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Salesforce a buy on $27.7bn Slack acquisition?
Cloud software pioneers Salesforce (CRM) is to buy work-chat service supplier Slack (WORK) for $27.7bn.
Slack will be the biggest acquisition that Marc Benioff-owned Salesforce has made to date. Shares dropped by around 5% upon the news, due to the size of the deal.
Slack shareholders will receive $26.79 in cash and 0.0776 shares of Salesforce common stock under the deal. Salesforce agreed to pay a 55% premium to Slack stock’s November 24th 2020 closing price.
Based on the size of the deal, and its potential making Slack a major player in the business comms stakes, our rating on the Marketsx platform, based on analyst’s insights, is a strong buy.
At the time of writing, Salesforce avg. price target is now $291.53 – an upside of 21%.
The deal is to give both Slack and Salesforce a shot a levelling the playing field against current sector leader Microsoft. The Seattle-based software giant has been busy in lockdown, with Teams seemingly becoming the de facto software intra-business communications choice during the pandemic.
Microsoft can, however, boast a marketing budget to make Croesus blush, and already has elephantine brand recognition. Additionally, it has bundled Teams in its Office business software packages, which makes its ubiquity alongside other day-to-day standard apps like Word and Excel, less than surprising.
Slack, which launched in 2014, hasn’t had the backing that Teams can boast. However, governments and companies have been switching over to it in larger numbers as they seek out a nimbler alternative to email. Is email really in danger of becoming electronic snail mail? Probably not, as Outlook is pretty much industry standard, but with Salesforce’s backing and investment, Slack may see larger widescale adoption.
For instance, Salesforce could pull a Microsoft and package Slack alongside its other business software options to mirror Office 365.
Salesforce is casting a wider net of acquisitions. It picked up Tableau Software, a data analytics specialist, last year for cool $15.7bn and was even in the running to secure LinkedIn in 2016 before Microsoft hoovered up the social media platform.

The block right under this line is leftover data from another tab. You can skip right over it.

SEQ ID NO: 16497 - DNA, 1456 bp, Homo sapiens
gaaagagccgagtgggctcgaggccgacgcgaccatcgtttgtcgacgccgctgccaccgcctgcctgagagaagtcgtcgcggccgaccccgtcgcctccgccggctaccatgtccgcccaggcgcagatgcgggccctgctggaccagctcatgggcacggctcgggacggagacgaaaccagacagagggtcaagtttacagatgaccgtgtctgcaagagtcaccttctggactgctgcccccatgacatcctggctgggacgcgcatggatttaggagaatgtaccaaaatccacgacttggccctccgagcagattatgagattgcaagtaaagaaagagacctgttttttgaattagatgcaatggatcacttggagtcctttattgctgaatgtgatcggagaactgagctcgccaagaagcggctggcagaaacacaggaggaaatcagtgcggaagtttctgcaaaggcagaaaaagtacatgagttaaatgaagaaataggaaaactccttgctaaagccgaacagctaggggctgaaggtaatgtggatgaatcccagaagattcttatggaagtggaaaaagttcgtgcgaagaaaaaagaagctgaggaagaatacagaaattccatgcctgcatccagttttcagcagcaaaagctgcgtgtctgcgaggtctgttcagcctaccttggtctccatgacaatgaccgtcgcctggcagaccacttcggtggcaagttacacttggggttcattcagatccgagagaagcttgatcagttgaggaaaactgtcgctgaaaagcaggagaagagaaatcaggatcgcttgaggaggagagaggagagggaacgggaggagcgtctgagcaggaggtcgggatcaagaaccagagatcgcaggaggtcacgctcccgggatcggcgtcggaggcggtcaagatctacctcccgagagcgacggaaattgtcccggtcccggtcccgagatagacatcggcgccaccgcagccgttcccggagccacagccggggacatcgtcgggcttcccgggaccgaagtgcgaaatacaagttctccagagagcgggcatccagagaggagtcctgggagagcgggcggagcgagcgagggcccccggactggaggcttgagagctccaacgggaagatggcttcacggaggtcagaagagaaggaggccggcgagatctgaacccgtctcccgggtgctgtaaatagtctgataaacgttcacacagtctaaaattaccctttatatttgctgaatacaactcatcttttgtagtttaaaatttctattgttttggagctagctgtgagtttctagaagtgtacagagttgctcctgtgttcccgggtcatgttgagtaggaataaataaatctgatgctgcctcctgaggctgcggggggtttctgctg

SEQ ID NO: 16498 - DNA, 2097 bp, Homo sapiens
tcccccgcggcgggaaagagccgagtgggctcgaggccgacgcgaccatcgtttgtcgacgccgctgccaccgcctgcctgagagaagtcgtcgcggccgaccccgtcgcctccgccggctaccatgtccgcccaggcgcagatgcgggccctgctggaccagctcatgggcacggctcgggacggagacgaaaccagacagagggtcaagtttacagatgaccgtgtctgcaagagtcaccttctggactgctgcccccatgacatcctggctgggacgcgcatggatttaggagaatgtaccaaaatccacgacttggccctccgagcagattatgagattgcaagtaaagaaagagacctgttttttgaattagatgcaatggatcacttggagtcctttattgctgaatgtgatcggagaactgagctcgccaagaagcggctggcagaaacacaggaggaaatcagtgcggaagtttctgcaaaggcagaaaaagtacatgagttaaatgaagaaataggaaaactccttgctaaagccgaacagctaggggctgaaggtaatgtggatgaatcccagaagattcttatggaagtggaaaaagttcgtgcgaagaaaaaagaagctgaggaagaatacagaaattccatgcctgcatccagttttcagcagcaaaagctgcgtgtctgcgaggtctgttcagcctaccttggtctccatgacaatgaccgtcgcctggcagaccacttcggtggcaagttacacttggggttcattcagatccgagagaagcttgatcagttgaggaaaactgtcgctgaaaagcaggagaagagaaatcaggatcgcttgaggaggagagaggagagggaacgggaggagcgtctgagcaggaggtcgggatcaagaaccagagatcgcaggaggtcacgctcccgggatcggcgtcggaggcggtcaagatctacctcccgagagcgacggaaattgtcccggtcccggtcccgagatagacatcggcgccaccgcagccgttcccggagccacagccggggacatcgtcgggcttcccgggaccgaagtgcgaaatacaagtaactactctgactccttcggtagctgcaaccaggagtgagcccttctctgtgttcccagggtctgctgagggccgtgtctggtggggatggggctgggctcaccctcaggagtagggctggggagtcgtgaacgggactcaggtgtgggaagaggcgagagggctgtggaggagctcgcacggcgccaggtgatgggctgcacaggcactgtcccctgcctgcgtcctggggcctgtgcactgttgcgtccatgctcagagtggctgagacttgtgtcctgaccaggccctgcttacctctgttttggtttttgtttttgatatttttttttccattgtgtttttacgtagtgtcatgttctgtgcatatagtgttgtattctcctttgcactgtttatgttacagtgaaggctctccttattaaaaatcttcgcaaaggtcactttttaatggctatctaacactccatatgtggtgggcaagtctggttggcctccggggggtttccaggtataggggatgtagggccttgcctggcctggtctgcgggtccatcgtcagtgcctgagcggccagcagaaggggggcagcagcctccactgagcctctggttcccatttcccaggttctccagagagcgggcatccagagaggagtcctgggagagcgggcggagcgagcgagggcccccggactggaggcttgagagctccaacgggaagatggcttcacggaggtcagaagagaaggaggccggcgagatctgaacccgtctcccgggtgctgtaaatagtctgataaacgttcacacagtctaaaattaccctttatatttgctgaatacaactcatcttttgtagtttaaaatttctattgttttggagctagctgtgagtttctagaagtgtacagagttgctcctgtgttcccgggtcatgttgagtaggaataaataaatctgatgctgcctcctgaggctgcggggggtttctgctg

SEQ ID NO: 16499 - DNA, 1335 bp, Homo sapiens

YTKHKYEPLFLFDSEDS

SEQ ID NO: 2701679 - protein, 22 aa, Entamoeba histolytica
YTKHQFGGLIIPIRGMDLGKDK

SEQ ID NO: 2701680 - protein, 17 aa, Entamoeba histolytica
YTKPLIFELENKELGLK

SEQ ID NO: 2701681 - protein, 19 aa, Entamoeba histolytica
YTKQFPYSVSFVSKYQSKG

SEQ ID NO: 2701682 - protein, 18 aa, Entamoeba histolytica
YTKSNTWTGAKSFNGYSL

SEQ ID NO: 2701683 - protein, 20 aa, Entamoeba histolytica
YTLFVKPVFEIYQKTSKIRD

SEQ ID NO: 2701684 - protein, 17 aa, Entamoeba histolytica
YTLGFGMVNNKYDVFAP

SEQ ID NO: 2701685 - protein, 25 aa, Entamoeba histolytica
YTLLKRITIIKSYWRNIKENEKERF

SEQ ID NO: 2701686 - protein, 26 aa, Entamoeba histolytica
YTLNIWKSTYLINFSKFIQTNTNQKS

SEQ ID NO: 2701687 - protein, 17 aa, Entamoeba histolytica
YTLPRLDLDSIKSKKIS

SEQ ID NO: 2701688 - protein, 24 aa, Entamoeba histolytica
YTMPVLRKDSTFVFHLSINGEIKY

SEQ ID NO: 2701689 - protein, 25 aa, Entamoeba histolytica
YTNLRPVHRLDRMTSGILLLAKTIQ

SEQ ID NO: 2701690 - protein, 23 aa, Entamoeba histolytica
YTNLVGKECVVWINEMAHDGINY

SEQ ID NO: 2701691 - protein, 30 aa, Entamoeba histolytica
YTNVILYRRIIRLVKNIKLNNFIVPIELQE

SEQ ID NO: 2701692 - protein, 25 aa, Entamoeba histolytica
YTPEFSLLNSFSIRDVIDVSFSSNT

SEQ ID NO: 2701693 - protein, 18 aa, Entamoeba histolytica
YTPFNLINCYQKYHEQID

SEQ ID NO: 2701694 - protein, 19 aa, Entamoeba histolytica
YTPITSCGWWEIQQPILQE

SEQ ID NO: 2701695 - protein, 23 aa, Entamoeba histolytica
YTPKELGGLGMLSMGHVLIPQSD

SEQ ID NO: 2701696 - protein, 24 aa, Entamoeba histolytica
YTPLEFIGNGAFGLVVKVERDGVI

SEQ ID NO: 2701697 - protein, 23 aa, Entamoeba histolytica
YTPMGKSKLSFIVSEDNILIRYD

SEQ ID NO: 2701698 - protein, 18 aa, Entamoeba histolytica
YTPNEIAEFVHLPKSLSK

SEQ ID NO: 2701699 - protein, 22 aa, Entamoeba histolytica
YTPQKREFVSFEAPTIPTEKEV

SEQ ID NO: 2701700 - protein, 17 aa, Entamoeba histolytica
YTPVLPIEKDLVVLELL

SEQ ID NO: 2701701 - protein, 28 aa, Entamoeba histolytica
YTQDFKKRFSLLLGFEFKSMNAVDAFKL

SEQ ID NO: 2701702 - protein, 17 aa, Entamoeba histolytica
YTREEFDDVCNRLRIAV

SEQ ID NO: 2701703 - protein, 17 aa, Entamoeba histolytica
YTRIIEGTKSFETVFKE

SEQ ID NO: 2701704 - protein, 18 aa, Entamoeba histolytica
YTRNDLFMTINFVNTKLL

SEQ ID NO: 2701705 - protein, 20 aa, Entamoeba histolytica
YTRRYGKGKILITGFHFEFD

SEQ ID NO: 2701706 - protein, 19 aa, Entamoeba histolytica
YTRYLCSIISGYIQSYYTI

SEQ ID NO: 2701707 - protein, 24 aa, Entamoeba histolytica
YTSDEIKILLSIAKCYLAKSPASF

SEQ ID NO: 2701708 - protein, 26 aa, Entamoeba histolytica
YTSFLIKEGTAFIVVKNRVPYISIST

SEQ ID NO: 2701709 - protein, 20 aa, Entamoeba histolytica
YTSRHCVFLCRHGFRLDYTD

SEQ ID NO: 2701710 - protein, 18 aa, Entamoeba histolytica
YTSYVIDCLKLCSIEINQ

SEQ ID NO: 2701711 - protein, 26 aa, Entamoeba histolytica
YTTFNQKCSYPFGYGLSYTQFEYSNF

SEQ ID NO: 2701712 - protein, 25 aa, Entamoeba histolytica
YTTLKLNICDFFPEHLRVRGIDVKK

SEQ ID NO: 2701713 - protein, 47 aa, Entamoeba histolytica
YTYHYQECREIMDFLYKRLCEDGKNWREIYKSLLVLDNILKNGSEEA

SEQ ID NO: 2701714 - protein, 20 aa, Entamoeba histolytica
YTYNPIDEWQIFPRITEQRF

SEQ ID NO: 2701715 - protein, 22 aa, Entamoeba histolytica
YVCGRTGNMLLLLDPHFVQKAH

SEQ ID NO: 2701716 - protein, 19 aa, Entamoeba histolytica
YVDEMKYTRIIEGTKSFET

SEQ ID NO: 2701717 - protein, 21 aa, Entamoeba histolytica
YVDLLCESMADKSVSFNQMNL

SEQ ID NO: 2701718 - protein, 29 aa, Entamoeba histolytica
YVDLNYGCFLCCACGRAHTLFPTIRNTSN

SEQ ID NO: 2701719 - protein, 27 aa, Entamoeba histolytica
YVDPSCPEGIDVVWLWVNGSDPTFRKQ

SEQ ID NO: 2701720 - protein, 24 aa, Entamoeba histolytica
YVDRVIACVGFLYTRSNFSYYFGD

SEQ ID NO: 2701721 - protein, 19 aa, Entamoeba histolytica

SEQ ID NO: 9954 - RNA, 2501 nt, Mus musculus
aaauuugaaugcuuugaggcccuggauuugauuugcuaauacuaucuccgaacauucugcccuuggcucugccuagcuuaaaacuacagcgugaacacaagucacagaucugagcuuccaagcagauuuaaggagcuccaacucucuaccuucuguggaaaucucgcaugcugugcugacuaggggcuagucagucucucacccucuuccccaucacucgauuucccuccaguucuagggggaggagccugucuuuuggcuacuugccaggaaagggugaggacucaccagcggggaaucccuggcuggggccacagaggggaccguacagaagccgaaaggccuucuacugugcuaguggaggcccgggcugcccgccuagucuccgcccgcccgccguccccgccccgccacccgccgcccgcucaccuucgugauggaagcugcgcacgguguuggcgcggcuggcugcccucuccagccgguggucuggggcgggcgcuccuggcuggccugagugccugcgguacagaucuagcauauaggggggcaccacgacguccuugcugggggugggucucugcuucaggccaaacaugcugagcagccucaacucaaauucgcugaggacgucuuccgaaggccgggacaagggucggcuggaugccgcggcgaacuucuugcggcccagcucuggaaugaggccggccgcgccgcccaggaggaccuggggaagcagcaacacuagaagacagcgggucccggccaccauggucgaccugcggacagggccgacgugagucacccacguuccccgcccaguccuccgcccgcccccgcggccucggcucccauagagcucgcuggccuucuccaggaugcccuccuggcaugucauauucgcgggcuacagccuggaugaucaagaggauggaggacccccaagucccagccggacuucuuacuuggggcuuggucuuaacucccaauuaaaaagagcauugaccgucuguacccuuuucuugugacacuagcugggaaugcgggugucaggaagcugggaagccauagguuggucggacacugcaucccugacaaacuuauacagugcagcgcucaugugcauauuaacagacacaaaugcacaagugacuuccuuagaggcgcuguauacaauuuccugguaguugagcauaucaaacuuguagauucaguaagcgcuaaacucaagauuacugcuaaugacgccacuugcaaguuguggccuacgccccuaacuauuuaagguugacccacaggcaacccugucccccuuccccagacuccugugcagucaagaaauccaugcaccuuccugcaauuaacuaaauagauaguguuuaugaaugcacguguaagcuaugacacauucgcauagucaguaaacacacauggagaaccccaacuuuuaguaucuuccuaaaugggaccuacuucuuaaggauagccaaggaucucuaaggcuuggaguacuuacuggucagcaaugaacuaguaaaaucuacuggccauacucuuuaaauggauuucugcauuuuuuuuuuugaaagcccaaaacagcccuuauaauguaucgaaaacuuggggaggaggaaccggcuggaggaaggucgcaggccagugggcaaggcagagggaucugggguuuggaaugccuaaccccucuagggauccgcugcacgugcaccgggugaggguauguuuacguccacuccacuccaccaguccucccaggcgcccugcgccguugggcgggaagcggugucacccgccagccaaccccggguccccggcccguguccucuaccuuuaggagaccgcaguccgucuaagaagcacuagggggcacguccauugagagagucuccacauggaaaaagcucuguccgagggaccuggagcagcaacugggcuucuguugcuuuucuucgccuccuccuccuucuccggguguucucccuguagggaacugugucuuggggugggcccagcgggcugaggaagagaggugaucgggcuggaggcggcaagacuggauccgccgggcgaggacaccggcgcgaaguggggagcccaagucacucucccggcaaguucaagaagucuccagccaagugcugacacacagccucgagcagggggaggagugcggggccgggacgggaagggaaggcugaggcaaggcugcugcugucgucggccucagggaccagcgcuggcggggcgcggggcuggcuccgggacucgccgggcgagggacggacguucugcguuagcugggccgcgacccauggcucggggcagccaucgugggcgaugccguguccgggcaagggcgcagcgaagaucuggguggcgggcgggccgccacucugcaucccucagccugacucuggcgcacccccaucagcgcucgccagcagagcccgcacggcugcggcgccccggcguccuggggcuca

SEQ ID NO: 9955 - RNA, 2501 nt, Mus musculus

Work-from-home enablers are particularly hot right now. But a vaccine is knocking on the door, with the UK approving the Pfizer BioNTech vaccine for mass roll out this week, so will people still be working from home as “normality” reasserts itself? Probably. The benefits are being widely felt, and there’s a general feeling amidst workers of all stripes that home working, with all its added flexibility, is the future.
Certainly, this all plays into Benioff’s vision of a world governed by cloud-based computing. Software as a service is very quickly becoming the model for developers and suppliers globally, so it stands to reason Salesforce is moving to shorten the gap between itself and Microsoft.
Salesforce reported October quarter earnings and revenue that topped analyst estimates following on from big investment gains on Snowflake stock.
As such, Salesforce earnings rocketed to $1.74 a share. Its gains from investments totalled 86% in latest earnings, the company said, with revenues rising 20% to hit $5.42bn.
Slack is due to report its Q3 2021 earnings after market close on Wednesday 9th December.
Dow reshuffle: Exxon, Pfizer, Raytheon out; Amgen, Salesforce.com, Honeywell in